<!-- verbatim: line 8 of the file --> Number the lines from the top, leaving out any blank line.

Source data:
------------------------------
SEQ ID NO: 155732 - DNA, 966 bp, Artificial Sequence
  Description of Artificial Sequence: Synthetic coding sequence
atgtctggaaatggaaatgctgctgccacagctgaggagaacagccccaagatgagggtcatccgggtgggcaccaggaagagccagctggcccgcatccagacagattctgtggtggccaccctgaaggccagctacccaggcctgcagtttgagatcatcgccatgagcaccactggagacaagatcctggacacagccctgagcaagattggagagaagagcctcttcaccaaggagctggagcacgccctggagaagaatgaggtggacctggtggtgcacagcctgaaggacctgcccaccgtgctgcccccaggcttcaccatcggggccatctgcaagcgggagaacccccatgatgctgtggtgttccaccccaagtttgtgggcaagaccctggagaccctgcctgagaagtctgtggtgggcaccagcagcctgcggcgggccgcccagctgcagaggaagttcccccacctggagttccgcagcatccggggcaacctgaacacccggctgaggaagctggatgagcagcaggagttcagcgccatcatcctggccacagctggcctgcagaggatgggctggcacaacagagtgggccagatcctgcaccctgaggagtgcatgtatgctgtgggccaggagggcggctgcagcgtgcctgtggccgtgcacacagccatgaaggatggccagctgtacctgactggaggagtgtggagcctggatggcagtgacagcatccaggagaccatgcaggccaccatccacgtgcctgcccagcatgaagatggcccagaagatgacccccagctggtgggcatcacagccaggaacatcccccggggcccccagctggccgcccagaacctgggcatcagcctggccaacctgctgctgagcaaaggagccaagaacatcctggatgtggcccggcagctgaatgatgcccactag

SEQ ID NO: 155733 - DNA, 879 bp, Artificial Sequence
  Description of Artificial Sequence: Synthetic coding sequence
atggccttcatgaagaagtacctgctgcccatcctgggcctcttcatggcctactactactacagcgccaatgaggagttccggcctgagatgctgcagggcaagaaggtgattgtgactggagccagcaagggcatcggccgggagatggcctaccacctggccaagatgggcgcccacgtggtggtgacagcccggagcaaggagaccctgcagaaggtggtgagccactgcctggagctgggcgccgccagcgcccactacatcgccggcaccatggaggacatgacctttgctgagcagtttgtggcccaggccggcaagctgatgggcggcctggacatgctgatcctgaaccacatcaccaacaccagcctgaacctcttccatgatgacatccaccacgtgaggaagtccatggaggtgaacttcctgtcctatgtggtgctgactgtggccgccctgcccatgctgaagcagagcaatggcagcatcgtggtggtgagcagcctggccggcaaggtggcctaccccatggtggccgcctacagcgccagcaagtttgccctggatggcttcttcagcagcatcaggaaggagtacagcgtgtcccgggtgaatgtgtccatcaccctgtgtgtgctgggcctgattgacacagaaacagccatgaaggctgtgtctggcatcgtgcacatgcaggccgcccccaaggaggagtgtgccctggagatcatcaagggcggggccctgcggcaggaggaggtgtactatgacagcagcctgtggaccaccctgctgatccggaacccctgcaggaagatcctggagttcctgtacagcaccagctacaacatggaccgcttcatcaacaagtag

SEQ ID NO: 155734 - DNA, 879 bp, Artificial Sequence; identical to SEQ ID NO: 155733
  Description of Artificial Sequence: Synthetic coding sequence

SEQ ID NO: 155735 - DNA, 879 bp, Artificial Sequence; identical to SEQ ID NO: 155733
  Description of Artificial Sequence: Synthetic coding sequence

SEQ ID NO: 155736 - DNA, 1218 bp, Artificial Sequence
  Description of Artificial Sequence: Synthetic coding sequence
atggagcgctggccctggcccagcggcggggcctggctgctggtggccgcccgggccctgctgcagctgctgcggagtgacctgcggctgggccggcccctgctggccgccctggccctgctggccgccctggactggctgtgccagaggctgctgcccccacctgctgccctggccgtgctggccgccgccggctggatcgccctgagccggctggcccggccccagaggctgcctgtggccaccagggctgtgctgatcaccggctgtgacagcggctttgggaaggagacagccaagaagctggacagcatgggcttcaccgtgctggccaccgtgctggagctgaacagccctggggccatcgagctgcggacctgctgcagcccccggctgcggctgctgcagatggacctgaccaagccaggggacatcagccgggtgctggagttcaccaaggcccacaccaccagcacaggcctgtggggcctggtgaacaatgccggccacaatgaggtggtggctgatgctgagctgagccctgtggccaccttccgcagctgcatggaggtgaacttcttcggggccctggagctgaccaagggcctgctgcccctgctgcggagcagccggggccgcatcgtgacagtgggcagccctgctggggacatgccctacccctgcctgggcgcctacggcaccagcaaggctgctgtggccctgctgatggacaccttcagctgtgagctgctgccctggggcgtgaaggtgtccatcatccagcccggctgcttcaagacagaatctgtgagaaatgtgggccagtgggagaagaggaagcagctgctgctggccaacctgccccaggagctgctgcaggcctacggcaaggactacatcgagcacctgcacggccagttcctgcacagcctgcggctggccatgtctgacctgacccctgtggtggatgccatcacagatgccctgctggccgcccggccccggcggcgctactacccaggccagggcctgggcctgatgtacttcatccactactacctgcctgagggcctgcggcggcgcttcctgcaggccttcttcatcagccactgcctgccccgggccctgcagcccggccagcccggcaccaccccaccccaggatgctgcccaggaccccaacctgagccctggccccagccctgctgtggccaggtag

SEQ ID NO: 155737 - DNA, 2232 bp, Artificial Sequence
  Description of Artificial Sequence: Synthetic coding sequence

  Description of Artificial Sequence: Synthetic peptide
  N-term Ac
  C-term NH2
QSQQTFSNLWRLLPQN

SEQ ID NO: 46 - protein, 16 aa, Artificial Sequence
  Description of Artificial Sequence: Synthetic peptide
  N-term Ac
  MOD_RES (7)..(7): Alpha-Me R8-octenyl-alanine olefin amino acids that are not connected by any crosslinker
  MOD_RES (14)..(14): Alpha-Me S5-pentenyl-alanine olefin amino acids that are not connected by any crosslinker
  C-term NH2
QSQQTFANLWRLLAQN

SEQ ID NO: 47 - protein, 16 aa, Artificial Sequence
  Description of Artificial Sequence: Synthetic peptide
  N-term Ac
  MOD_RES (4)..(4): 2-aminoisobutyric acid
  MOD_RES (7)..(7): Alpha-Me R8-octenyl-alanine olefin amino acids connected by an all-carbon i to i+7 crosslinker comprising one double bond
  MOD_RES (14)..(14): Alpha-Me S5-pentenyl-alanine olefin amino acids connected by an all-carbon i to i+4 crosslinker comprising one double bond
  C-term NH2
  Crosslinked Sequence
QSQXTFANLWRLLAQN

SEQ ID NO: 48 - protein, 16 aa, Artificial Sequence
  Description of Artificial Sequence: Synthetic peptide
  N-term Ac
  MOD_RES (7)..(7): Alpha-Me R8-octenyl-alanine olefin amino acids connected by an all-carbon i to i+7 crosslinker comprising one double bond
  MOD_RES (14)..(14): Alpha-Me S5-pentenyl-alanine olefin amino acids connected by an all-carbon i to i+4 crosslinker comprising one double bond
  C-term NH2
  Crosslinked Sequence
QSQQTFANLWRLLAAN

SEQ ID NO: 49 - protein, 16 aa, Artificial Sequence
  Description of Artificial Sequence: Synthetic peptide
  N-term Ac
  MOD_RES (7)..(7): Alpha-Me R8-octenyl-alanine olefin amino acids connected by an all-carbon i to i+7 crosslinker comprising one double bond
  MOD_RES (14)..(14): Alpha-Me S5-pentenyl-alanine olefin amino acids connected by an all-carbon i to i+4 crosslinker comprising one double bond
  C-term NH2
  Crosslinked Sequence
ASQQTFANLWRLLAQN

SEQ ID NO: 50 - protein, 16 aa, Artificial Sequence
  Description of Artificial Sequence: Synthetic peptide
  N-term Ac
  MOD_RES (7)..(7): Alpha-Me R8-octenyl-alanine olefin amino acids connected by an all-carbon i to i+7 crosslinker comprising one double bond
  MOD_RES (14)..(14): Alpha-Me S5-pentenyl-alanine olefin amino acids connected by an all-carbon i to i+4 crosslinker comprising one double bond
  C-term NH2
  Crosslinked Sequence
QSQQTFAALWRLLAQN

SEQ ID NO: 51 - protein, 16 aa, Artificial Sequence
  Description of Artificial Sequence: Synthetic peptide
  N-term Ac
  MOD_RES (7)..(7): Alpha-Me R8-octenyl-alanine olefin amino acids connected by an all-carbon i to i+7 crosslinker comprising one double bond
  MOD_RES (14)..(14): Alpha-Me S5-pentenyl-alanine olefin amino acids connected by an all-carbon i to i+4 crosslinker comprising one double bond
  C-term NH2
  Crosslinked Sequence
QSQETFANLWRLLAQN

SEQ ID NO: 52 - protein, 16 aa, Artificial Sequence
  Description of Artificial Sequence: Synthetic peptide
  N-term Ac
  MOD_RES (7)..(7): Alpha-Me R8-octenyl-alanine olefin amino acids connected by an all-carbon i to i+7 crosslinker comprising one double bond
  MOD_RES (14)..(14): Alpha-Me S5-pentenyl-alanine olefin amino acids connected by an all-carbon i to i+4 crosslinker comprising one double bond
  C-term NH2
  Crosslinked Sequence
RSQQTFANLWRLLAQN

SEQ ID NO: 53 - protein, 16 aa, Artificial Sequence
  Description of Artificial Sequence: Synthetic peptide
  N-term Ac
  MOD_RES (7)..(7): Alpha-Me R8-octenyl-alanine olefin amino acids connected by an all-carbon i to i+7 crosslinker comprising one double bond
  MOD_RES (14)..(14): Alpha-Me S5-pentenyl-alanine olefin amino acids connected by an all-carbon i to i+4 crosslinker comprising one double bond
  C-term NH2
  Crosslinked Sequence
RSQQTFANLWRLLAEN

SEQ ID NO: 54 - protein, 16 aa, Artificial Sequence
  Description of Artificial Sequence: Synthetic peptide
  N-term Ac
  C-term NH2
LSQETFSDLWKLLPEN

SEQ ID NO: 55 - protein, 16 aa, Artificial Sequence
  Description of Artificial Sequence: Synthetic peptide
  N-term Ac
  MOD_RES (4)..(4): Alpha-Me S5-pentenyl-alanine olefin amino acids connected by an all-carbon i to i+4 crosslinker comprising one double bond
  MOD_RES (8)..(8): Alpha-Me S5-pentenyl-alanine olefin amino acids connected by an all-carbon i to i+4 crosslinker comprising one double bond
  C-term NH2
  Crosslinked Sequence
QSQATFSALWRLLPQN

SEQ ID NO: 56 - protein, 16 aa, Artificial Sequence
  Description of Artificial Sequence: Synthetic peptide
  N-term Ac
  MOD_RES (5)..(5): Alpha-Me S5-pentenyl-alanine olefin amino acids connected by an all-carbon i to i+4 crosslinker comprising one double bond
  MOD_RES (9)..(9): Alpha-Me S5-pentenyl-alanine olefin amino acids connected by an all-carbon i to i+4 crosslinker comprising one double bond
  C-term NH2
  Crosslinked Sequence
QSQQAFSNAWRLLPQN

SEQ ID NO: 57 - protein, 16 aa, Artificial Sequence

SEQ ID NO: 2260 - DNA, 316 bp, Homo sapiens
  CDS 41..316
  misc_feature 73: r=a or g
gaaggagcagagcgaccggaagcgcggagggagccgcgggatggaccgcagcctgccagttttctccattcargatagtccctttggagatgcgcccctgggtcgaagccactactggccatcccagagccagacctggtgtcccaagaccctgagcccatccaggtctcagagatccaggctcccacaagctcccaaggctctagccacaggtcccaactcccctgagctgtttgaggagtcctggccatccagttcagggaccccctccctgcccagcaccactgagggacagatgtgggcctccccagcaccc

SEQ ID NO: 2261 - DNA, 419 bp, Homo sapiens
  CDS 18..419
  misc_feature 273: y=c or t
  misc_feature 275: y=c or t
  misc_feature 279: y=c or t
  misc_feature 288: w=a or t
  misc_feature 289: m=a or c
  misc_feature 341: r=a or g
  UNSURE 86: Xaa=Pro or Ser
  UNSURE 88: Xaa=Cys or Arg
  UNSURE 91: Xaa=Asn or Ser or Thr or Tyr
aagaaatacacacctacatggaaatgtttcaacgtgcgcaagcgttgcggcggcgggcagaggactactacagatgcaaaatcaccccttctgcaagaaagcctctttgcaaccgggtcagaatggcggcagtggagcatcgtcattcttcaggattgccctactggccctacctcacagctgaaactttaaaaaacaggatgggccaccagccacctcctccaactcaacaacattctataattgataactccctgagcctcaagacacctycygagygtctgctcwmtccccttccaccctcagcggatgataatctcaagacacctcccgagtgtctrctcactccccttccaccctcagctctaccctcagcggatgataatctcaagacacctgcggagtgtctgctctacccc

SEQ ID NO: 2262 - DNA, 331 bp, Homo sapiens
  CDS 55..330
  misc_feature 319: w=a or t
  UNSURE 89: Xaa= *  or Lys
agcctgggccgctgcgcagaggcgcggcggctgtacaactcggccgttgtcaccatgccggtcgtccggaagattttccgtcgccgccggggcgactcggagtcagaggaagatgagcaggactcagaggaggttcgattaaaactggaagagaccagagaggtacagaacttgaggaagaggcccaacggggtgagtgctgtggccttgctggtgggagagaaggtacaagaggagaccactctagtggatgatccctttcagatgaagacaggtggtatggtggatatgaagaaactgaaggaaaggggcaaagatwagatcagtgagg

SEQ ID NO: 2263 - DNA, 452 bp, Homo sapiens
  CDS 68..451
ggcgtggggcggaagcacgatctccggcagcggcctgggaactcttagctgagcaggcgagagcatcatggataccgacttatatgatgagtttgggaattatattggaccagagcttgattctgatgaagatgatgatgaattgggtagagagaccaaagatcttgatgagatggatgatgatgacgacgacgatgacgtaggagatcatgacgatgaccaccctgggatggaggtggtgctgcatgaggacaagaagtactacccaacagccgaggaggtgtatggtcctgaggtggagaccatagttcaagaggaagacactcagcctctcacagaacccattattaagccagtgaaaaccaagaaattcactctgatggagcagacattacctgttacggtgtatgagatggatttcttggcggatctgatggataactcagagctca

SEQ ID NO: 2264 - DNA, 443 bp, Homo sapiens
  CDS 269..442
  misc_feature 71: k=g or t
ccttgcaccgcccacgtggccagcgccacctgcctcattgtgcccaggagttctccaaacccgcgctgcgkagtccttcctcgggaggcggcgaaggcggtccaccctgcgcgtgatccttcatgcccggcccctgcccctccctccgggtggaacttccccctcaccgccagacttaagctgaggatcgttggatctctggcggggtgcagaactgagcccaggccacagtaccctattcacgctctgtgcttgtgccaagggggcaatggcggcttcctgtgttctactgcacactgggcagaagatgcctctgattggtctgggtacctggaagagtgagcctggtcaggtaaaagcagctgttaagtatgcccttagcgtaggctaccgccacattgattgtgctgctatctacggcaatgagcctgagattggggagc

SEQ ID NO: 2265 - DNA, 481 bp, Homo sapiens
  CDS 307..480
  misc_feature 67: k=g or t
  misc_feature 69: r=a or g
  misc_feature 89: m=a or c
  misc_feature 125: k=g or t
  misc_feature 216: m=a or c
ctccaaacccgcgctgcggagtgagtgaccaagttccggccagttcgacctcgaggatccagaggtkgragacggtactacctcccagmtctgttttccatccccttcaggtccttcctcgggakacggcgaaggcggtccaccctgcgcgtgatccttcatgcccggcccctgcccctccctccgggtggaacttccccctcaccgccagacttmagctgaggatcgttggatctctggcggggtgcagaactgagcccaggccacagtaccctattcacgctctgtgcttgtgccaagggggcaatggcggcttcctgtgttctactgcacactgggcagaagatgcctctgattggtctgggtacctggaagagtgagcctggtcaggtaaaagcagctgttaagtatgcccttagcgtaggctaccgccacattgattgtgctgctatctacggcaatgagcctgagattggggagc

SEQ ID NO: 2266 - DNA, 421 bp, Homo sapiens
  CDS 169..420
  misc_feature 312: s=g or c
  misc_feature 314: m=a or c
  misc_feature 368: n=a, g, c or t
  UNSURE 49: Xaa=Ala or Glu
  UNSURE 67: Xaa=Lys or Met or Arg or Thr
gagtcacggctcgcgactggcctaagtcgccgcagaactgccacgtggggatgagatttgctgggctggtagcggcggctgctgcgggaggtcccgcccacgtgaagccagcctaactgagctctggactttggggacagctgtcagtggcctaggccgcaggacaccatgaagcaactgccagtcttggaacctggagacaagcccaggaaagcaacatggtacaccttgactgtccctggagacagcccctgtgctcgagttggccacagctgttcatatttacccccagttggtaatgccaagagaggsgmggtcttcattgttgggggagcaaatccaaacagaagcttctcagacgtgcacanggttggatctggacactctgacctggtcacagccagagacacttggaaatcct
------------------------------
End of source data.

  Description of Artificial Sequence: Synthetic coding sequence